Τίς γὰρ τῶν ὁπόσοι γλαυκὰν ναίουσιν ὑπ’ ἠῶ
ἡμετέρας Χάριτας πετάσας ὑποδέξεται οἴκῳ
ἀσπασίως, οὐδ’ αὖθις ἀδωρήτους ἀποπέμψει;
αἳ δὲ σκυζόμεναι γυμνοῖς ποσὶν οἴκαδ’ ἴασι,
πολλά με τωθάζοισαι, ὅτ’ ἀλιθίην ὁδὸν ἦλθον,
ὀκνηραὶ δὲ πάλιν κενεᾶς ἐν πυθμένι χηλοῦ
ψυχροῖς ἐν γονάτεσσι κάρη μίμνοντι βαλοῖσαι,
ἔνθ’ αἰεί σφισιν ἕδρη, ἐπὴν ἄπρακτοι ἵκωνται.
τίς τῶν νῦν τοιόσδε; τίς εὖ εἰπόντα φιλήσει;
οὐκ οἶδ’· οὐ γὰρ ἔτ’ ἄνδρες ἐπ᾽ ἔργμασιν ὡς πάρος ἐσθλοῖς
αἰνεῖσθαι σπεύδοντι, νενίκηνται δ’ ὑπὸ κερδέων.
πᾶς δ’ ὑπὸ κόλπου χεῖρας ἔχων πόθεν οἴσεται ἀθρεῖ
ἄργυρον, οὐδέ κεν ἰὸν ἀποτρίψας τινὶ δοίη,
ἀλλ’ εὐθὺς μυθεῖται· “ἀπωτέρω ἢ γόνυ κνάμα·
αὐτῷ μοί τι γένοιτο.”—”θεοὶ τιμῶσιν ἀοιδούς.”—
“τίς δέ κεν ἄλλου ἀκούσαι; ἅλις πάντεσσιν Ὅμηρος.”—
“οὗτος ἀοιδῶν λῷστος, ὃς ἐξ ἐμεῦ οἴσεται οὐδέν.”
(Theocritus, Id. 16.5-21)
Now who of all those who live beneath the bright daylight will open up his house to give a glad welcome to my Graces*, and will not send them away unrewarded? They come home then barefoot and glum, with many a complaint that their journey has been in vain; they stay cowering at the bottom of their box once more with their heads always drooping on their chilly knees, in the place where they are always to be found after they have come back with no success. But who is hospitable nowadays? Who will be generous in return for praise? I do not know; men are no longer eager, as they once were, to be praised for their glorious deeds, but instead they are obsessed by profit. Each person keeps his hand in his pocket and is on the lookout for a chance to make money; he would not even rub off the rust and give it to someone, but has a ready excuse: “Charity begins at home”**; “”If only I had some money myself!”; “It’s the gods who reward poets”***; “Who would wish to listen to anyone else? Homer’s enough for everyone”; “The best poet is the one who will get nothing from me.”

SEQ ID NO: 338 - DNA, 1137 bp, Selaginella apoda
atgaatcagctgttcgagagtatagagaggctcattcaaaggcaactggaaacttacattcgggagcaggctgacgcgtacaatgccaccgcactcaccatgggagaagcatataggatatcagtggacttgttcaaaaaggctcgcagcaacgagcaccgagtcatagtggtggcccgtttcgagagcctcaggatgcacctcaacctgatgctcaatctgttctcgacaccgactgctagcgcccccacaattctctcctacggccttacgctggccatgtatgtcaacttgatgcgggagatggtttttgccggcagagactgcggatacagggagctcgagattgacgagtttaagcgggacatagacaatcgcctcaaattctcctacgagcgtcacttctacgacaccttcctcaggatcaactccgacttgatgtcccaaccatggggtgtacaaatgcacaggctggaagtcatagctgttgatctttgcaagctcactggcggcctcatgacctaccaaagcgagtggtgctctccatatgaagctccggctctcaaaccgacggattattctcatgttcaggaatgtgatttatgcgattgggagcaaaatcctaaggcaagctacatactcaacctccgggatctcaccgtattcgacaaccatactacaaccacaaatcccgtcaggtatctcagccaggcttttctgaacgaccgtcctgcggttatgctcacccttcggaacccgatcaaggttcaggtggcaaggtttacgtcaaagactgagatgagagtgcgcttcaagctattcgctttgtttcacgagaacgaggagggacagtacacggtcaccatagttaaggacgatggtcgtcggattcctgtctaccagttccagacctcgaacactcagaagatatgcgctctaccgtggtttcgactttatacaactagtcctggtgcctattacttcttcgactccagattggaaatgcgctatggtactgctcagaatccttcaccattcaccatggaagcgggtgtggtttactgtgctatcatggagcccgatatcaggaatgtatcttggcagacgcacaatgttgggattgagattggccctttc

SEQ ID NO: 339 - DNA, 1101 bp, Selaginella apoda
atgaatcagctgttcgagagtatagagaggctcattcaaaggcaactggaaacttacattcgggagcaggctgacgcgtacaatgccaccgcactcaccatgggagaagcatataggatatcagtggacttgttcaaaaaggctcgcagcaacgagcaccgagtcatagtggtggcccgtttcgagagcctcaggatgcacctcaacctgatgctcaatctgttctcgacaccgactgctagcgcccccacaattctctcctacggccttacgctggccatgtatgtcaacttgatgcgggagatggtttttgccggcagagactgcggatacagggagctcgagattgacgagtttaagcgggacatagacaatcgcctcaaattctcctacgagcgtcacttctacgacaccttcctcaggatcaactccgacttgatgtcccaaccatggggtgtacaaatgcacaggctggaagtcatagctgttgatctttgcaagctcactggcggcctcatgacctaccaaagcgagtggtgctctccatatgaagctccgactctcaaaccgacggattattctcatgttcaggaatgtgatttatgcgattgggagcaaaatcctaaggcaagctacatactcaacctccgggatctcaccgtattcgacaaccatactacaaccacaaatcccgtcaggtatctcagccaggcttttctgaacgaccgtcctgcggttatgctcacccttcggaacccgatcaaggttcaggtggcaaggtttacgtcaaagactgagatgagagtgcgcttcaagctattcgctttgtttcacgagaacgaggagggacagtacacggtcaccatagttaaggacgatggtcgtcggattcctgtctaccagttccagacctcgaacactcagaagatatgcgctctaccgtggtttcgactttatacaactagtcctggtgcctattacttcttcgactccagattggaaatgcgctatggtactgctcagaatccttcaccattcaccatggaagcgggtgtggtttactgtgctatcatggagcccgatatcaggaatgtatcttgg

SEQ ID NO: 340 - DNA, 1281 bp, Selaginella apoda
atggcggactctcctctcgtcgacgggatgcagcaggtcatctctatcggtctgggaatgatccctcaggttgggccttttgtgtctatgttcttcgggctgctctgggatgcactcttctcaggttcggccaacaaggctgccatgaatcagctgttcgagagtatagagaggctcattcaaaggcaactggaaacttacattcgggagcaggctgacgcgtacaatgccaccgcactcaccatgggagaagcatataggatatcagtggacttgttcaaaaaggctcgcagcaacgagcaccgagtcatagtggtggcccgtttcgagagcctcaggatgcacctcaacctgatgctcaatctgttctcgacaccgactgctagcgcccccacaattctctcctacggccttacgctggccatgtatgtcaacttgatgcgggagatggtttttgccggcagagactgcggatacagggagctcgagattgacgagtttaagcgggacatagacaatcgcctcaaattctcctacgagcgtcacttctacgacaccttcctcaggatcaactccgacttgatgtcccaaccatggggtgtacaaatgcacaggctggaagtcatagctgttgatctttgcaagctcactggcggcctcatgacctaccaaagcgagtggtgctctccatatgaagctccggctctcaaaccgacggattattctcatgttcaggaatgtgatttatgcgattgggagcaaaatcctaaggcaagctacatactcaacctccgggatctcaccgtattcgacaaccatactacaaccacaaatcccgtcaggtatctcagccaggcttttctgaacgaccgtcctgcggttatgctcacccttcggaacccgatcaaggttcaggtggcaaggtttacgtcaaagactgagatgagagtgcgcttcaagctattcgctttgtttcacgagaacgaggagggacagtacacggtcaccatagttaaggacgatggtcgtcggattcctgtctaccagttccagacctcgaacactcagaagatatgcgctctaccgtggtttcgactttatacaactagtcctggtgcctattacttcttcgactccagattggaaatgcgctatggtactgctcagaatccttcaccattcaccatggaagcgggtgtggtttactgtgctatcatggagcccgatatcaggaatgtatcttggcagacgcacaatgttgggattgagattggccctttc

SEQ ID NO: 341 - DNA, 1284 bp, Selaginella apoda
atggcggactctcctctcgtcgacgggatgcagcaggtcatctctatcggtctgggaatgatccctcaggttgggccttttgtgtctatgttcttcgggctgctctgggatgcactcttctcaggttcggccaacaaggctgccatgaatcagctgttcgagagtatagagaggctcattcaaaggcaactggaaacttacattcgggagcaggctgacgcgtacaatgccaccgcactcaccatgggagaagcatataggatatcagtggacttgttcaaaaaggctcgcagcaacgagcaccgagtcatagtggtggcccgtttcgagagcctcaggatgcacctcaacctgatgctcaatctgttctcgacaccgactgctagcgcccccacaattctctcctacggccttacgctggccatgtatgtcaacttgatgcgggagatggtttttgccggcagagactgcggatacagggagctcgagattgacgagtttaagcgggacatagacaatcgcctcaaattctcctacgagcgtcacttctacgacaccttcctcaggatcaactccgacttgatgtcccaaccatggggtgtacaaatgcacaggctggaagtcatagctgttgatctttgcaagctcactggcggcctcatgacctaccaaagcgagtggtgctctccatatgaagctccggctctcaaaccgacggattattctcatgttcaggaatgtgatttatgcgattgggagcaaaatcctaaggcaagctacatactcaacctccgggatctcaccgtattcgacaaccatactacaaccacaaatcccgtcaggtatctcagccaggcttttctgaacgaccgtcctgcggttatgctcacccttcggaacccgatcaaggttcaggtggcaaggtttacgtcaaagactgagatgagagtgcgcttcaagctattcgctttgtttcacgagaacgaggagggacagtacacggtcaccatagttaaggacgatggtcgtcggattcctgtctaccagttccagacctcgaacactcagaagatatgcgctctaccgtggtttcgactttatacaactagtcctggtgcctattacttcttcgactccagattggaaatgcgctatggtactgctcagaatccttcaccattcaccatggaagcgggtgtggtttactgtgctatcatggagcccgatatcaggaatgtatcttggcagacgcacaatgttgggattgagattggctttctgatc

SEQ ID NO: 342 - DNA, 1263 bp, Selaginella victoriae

* I.e., the graceful poems I can compose for patrons.
** Lit., “the knee is closer than the shin.”
*** Allusion to an anecdote about Simonides, who was told by the tyrant Scopas to seek half his fee from the Dioscuri, whom he had praised in half of a poem commissioned as praise of Scopas. The palace collapsed and killed Scopas, but the poet escaped, having been summoned outside by “two men” (Cic. De or. 2.352, Callim. Fr. 64.11).
(tr. Neil Hopkinson, with his notes)